Item description for Korean Cultural Heritage: Traditional Lifestyles (Korean Cultural Heritage Series) by Korea Foundation & Korea Foundation...
Korean Cultural Heritage: Traditional Lifestyles (Korean Cultural Heritage Series) by Korea Foundation
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Studio: Yeong & Yeong Book Company
Est. Packaging Dimensions: Length: 11.5" Width: 8.8" Height: 0.9" Weight: 2.85 lbs.
Release Date Jan 1, 1997
Publisher Yeong & Yeong Book Company
ISBN 8986090139 ISBN13 9788986090130
Reviews - What do customers think about Korean Cultural Heritage: Traditional Lifestyles (Korean Cultural Heritage Series)?
Great - neither dumbed down nor dry; interesting and great to increase cultural understanding Aug 9, 2009
Full title: "Korean Cultural Heritage: Traditional Lifestyles." This book is one of the best for both laypersons and those of more intellectual bent, because it is well and intelligently written for increasing understanding of Korea's traditional culture. Includes lots of great photos in a collection of fine articles - each chapter is a different article. You can skip around, skim, or read it cover-to-cover and either way, come away enriched. If you love South Korean food, aesthetics, or historical or modern day TV dramas, this will fill in many gaps for the western audience... Answers much of what you may have been curious about food, drink, clothing, rites of passage and familial bonds with the concepts behind them, housing and furnishings, etc. Touches upon artistic concepts and the values behind them as well in decorative items, everyday items and housing, clothing, etc. (And there is a separate book just on the arts, and another on the performing arts, in this series). There's a set of appendices with a long list of folk villages and folk museums to go see someday, a very interesting chart of world chronology (showing major Korean historical dates side-by-side with those of China, Japan and the Western world's major historical dates), and a chart of the major royal lineages. Worth the full price or get it used... read mine from the library which was donated by the Korea Foundation that published it - and now I'm buying my own copy, it was that good, and will look up the other books in this series by this publisher. Has more easily readable depth (Thank you, Korea Foundation!) on topics than the two books I also recommend below, because those two go for introductory breadth instead. As a combination together these give a really great start.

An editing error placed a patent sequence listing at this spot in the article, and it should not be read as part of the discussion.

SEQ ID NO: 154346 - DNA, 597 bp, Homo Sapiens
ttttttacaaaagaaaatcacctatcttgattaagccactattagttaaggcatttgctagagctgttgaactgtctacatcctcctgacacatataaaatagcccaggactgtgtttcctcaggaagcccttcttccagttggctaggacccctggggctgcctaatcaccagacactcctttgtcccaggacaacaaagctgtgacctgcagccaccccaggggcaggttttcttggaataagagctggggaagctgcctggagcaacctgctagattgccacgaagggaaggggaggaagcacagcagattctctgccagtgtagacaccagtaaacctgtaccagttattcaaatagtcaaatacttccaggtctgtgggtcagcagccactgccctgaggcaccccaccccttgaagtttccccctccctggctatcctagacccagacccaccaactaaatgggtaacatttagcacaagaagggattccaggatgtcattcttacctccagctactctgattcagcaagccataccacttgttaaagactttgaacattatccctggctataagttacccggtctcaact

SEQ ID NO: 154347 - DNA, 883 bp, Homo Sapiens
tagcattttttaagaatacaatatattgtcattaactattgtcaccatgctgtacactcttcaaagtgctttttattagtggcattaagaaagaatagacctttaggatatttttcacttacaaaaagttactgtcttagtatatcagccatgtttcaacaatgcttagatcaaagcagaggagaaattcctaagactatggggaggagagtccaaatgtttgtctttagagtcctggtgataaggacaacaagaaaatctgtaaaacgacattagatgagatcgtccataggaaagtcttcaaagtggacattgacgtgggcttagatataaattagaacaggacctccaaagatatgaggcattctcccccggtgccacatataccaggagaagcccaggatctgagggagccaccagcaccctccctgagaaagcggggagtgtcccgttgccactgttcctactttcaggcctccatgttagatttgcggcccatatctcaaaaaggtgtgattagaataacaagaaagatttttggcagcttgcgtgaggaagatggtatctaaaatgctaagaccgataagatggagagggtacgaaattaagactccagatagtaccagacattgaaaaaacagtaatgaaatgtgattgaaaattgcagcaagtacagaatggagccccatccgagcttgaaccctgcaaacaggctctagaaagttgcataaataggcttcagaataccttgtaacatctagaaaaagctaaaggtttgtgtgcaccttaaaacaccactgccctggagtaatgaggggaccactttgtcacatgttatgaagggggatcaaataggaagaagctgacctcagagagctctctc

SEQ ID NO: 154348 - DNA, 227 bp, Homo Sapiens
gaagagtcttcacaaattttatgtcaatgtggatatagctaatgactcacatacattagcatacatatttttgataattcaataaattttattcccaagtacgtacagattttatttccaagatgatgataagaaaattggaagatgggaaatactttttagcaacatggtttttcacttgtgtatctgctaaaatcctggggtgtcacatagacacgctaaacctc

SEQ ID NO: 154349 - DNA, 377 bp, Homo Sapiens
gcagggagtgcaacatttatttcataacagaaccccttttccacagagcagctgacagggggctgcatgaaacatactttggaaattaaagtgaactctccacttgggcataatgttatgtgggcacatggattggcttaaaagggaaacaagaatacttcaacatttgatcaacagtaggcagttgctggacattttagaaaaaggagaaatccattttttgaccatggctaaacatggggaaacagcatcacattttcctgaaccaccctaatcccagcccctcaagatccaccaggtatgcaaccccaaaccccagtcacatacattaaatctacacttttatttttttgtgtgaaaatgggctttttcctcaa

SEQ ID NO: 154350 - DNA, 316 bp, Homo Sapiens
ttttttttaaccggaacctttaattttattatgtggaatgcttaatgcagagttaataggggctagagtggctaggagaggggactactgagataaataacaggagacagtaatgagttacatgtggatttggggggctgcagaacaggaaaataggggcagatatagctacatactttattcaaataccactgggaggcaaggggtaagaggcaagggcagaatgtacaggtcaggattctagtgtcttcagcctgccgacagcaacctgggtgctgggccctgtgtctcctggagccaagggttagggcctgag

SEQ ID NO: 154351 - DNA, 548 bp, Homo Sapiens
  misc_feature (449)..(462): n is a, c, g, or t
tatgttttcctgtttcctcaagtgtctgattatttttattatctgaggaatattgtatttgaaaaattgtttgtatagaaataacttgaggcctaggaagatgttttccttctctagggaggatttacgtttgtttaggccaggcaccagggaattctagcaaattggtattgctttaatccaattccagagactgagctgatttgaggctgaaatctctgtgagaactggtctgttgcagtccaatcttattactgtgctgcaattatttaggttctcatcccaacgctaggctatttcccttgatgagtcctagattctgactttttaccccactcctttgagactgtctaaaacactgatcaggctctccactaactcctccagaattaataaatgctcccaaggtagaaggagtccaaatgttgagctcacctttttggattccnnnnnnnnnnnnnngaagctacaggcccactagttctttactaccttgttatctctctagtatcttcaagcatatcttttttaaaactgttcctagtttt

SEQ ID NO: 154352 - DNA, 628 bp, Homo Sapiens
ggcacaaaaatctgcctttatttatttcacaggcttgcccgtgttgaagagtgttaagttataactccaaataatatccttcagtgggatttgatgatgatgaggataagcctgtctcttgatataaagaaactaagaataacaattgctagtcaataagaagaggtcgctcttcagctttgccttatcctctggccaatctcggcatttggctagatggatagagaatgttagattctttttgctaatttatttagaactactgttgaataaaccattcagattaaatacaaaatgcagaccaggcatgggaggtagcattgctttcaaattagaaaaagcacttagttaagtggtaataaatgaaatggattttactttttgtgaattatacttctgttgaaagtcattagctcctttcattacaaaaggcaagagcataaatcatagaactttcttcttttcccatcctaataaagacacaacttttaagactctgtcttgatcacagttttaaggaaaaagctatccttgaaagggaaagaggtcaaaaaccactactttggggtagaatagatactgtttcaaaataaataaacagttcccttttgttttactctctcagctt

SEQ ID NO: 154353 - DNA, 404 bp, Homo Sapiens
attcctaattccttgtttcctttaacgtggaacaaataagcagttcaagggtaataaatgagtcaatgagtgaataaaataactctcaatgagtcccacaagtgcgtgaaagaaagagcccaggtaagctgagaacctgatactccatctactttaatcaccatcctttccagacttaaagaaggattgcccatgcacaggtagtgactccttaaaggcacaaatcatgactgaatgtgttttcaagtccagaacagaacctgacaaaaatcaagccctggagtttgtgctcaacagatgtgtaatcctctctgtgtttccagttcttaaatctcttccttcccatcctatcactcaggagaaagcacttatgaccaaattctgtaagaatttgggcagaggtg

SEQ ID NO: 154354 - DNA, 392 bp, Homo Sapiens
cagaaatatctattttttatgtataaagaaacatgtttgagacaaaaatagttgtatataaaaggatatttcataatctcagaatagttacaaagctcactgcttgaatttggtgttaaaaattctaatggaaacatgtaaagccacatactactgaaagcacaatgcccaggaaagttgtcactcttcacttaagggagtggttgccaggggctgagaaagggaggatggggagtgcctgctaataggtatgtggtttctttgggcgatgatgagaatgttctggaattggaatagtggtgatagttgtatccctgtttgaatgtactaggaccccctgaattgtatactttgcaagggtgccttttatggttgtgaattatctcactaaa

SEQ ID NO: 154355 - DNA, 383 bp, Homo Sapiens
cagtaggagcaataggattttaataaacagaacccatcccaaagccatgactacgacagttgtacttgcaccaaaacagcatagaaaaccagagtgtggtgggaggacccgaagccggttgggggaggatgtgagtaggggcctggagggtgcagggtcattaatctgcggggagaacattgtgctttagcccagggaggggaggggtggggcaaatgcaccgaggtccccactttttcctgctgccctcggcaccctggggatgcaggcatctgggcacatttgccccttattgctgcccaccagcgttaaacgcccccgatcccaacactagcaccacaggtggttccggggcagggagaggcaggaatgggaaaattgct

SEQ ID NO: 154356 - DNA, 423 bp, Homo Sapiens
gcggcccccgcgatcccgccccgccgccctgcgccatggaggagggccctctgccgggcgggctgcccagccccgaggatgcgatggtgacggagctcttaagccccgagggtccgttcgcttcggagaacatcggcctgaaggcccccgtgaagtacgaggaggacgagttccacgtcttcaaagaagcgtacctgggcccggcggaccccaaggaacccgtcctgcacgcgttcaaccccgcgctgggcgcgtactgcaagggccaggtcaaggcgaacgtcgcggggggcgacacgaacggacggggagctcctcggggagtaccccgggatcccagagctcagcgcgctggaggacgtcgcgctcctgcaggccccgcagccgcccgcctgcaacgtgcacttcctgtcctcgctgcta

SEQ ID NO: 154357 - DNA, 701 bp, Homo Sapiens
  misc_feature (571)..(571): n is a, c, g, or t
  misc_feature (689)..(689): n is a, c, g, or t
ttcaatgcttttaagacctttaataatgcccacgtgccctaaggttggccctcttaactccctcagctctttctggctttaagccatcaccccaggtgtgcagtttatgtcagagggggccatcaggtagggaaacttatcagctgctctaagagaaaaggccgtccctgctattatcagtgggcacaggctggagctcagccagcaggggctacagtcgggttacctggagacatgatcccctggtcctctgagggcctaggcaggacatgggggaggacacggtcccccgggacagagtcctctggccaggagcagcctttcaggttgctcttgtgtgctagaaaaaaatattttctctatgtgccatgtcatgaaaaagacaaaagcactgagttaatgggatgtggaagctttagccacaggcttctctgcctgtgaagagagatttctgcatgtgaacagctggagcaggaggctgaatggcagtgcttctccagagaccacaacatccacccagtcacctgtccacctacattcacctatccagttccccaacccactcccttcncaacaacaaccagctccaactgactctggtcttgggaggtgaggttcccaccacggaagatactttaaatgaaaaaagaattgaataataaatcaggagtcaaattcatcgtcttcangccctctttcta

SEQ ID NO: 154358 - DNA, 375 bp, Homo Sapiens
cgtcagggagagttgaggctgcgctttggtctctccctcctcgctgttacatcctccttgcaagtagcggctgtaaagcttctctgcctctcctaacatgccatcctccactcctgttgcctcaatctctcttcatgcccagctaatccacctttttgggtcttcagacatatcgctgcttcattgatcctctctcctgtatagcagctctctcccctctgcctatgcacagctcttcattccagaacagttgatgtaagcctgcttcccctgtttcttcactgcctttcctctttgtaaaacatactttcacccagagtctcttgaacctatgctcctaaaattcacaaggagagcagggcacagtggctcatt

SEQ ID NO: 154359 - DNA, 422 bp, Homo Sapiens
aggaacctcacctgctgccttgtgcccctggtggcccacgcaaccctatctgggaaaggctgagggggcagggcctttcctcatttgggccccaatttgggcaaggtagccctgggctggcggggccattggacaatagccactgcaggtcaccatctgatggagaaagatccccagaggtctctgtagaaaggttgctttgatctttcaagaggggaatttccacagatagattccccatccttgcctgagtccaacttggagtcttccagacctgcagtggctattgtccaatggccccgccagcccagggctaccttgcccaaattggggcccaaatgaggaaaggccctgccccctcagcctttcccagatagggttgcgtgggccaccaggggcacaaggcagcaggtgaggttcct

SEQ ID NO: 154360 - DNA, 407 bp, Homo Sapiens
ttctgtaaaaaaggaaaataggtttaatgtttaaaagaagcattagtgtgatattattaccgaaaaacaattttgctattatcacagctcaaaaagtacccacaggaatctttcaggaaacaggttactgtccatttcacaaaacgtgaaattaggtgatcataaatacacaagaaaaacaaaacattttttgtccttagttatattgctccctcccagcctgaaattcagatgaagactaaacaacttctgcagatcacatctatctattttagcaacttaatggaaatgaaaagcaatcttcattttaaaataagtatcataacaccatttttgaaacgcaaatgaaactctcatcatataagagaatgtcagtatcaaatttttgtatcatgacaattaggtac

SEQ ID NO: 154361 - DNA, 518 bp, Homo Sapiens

Two other great books (references but fun reading) on traditional Korean culture are: 1). "An Encyclopaedia of Korean Culture", edited by Suh Cheong-Soo, et al, English edition by Hansebon, Seoul, Korea, ISBN 89-951352-4-7-01030 - thick hardback with lots of pictures and text with sections covering a satisfyingly wide range of both traditional and modernday topics: geography, climate, regions, cities and provinces, north/south relations, literature survey, religions, ideologies & customs, shamanism & folk beliefs, food, dishes and seasonings, cakes, drinks and liquor, clothing and accessories, housing, furniture, family life & holidays, rites of passage, sports, weaving and manual arts, ceramics, crafts, instruments of commerce, fine arts and calligraphy, sculpture, music, dance, drama and movies, education, printing/publishing, media, health/medical, plants, animals, agriculture, forestry, fishery, livestock, science and technology, modern industry, information and communications. 2) "An Illustrated Guide to Korean Culture: 233 traditional key words", by the National Academy of the Korean Language, Hakgojae Publishing, Seoul Korea, ISBN 89-85846-98-1 03380... Sections are: food, dress and ornament, housing life, seasonal festivalss, folk beliefs, beauty of (famous beautiful/historical places), symbols and local specialties. Also, South Korea turns out many really excellent popular TV series on subtitled DVDs which are popular worldwide - see this site, yesasia or hanbooks, and you can rent some through your local library or korean store. After seeing some of them (Dae Jang Geum (Jewel in the Palace), Haeshin (Emperor of the southern seas), Ruler of Your Own World, etc., (you can enjoy these without knowing anything about the culture beforehand... my family found themselves sucked into Dae Jang Geum and not minding the subtitles, even the guys!). Reading these books to fill in the rich cultural landscape was very satisfying, and I'm still interested in history and traditional and modern culture. And food, too. Did you know that Korea only began using red chili pepper in the 1500's - late in their 5,000 year history? If you don't find these books here on this site new or used, you can also check hanbooks-com.